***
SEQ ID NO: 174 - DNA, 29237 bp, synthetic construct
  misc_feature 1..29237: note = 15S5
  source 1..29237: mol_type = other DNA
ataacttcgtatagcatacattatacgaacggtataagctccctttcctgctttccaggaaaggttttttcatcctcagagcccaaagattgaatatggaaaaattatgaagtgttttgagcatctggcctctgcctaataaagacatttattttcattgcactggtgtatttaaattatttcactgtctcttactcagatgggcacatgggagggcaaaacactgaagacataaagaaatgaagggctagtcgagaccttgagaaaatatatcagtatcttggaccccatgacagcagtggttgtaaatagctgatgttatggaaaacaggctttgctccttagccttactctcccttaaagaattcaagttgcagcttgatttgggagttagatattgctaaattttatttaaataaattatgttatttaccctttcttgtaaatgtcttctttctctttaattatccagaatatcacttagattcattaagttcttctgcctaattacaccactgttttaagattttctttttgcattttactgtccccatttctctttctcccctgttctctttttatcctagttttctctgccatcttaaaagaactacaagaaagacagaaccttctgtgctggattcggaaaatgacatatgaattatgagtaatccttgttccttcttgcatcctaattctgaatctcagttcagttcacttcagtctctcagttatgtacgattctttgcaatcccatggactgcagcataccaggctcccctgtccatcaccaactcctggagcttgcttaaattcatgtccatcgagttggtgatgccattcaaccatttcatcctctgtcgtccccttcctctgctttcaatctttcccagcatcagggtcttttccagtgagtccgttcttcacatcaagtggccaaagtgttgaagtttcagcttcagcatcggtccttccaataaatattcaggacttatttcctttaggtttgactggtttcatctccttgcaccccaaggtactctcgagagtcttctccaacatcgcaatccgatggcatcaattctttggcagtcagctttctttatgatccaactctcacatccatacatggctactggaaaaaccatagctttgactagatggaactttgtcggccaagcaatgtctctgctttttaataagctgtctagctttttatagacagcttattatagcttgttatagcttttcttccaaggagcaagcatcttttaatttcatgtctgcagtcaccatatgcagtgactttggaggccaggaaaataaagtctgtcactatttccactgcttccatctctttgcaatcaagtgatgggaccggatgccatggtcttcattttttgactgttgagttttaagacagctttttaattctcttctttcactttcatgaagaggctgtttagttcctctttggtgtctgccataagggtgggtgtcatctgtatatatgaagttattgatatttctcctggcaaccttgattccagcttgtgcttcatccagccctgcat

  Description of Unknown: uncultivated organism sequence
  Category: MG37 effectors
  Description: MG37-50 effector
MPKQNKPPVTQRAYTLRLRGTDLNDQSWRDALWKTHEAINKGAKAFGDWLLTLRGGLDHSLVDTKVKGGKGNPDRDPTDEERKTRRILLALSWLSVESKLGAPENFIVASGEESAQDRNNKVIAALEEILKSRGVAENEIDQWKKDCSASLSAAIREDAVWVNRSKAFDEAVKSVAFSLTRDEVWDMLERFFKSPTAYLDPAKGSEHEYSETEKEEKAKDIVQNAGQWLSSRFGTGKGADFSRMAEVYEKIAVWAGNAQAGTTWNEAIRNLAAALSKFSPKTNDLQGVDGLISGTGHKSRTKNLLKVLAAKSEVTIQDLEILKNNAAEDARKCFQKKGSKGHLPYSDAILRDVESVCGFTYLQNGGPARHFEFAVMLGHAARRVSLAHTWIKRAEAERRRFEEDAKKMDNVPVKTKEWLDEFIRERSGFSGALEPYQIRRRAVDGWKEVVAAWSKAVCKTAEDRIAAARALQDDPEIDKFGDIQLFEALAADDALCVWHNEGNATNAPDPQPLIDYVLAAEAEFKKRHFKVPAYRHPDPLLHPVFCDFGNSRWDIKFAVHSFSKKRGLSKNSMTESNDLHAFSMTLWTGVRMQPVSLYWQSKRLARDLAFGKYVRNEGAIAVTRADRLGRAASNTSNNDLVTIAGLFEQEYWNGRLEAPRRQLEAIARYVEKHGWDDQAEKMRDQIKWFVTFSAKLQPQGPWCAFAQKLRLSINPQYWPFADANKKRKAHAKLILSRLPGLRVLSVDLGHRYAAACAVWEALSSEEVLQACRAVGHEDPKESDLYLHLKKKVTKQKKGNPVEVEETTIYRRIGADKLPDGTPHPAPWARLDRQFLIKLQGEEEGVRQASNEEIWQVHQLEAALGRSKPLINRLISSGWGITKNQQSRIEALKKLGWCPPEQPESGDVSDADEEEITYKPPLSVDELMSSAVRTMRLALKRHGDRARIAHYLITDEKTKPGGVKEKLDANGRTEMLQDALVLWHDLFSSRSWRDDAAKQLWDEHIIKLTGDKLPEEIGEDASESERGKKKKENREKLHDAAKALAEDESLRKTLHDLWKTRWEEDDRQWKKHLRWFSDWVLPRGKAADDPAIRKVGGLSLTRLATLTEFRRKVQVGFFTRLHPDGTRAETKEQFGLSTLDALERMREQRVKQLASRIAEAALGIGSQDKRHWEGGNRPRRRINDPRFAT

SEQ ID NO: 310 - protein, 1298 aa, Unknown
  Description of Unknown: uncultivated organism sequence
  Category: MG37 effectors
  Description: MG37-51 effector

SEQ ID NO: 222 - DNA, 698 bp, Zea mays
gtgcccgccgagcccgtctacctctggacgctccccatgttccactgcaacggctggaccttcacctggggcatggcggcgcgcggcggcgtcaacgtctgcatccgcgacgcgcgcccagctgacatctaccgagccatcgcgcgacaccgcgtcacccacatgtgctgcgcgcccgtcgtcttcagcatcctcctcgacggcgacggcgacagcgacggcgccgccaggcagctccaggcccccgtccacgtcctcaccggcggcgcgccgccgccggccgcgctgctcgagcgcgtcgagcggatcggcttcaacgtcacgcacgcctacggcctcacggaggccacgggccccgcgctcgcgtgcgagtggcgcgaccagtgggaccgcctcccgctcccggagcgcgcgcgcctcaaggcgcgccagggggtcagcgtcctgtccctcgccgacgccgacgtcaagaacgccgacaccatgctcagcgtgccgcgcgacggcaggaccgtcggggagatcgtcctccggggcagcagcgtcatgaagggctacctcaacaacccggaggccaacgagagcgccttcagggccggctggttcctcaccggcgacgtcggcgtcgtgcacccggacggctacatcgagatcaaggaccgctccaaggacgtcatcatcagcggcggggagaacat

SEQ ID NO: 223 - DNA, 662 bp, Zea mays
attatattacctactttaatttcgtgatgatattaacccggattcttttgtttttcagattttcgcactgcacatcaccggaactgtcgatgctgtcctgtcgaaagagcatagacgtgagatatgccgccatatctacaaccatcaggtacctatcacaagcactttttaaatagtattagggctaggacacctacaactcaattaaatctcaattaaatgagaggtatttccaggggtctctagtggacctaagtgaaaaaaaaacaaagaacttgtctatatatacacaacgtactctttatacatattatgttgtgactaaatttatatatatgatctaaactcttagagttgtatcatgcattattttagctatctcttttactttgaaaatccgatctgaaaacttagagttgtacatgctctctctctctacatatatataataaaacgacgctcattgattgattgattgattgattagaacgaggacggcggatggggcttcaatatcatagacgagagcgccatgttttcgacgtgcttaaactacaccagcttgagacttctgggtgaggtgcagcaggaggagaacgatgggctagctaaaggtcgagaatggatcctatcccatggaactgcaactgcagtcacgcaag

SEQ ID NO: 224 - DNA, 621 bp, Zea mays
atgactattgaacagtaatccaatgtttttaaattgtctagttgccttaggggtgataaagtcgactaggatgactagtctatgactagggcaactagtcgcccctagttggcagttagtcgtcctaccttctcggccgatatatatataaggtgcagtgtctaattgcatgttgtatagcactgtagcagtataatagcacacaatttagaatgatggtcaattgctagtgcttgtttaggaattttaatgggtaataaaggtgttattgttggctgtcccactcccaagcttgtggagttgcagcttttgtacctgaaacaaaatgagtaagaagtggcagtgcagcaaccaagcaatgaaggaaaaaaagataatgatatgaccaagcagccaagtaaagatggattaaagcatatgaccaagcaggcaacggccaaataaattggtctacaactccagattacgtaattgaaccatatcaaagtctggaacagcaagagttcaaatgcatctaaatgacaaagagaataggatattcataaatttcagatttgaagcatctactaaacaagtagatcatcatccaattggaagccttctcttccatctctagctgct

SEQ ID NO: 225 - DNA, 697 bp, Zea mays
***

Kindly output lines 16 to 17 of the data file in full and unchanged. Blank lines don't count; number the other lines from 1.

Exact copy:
attatattacctactttaatttcgtgatgatattaacccggattcttttgtttttcagattttcgcactgcacatcaccggaactgtcgatgctgtcctgtcgaaagagcatagacgtgagatatgccgccatatctacaaccatcaggtacctatcacaagcactttttaaatagtattagggctaggacacctacaactcaattaaatctcaattaaatgagaggtatttccaggggtctctagtggacctaagtgaaaaaaaaacaaagaacttgtctatatatacacaacgtactctttatacatattatgttgtgactaaatttatatatatgatctaaactcttagagttgtatcatgcattattttagctatctcttttactttgaaaatccgatctgaaaacttagagttgtacatgctctctctctctacatatatataataaaacgacgctcattgattgattgattgattgattagaacgaggacggcggatggggcttcaatatcatagacgagagcgccatgttttcgacgtgcttaaactacaccagcttgagacttctgggtgaggtgcagcaggaggagaacgatgggctagctaaaggtcgagaatggatcctatcccatggaactgcaactgcagtcacgcaag

SEQ ID NO: 224 - DNA, 621 bp, Zea mays